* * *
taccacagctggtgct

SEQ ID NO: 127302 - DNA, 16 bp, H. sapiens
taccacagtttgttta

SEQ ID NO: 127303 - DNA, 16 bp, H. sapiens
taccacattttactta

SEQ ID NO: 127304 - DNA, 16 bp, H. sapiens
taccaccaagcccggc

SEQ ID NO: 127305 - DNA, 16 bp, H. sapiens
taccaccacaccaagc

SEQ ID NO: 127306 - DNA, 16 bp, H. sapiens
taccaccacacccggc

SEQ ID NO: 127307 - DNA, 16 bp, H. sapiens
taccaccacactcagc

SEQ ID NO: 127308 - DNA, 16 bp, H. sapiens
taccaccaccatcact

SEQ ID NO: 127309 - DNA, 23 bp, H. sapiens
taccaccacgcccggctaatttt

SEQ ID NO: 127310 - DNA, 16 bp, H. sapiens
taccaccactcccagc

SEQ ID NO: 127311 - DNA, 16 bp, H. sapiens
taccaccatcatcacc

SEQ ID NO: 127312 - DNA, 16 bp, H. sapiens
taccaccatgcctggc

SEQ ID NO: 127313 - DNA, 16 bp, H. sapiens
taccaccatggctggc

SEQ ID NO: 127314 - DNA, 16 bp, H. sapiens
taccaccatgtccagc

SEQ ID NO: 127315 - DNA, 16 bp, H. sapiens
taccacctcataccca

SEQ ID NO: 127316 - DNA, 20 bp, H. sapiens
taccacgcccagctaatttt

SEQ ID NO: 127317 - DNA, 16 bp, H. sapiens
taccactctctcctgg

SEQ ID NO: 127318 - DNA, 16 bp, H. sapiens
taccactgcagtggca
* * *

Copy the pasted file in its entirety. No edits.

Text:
taccacagctggtgct

SEQ ID NO: 127302 - DNA, 16 bp, H. sapiens
taccacagtttgttta

SEQ ID NO: 127303 - DNA, 16 bp, H. sapiens
taccacattttactta

SEQ ID NO: 127304 - DNA, 16 bp, H. sapiens
taccaccaagcccggc

SEQ ID NO: 127305 - DNA, 16 bp, H. sapiens
taccaccacaccaagc

SEQ ID NO: 127306 - DNA, 16 bp, H. sapiens
taccaccacacccggc

SEQ ID NO: 127307 - DNA, 16 bp, H. sapiens
taccaccacactcagc

SEQ ID NO: 127308 - DNA, 16 bp, H. sapiens
taccaccaccatcact

SEQ ID NO: 127309 - DNA, 23 bp, H. sapiens
taccaccacgcccggctaatttt

SEQ ID NO: 127310 - DNA, 16 bp, H. sapiens
taccaccactcccagc

SEQ ID NO: 127311 - DNA, 16 bp, H. sapiens
taccaccatcatcacc

SEQ ID NO: 127312 - DNA, 16 bp, H. sapiens
taccaccatgcctggc

SEQ ID NO: 127313 - DNA, 16 bp, H. sapiens
taccaccatggctggc

SEQ ID NO: 127314 - DNA, 16 bp, H. sapiens
taccaccatgtccagc

SEQ ID NO: 127315 - DNA, 16 bp, H. sapiens
taccacctcataccca

SEQ ID NO: 127316 - DNA, 20 bp, H. sapiens
taccacgcccagctaatttt

SEQ ID NO: 127317 - DNA, 16 bp, H. sapiens
taccactctctcctgg

SEQ ID NO: 127318 - DNA, 16 bp, H. sapiens
taccactgcagtggca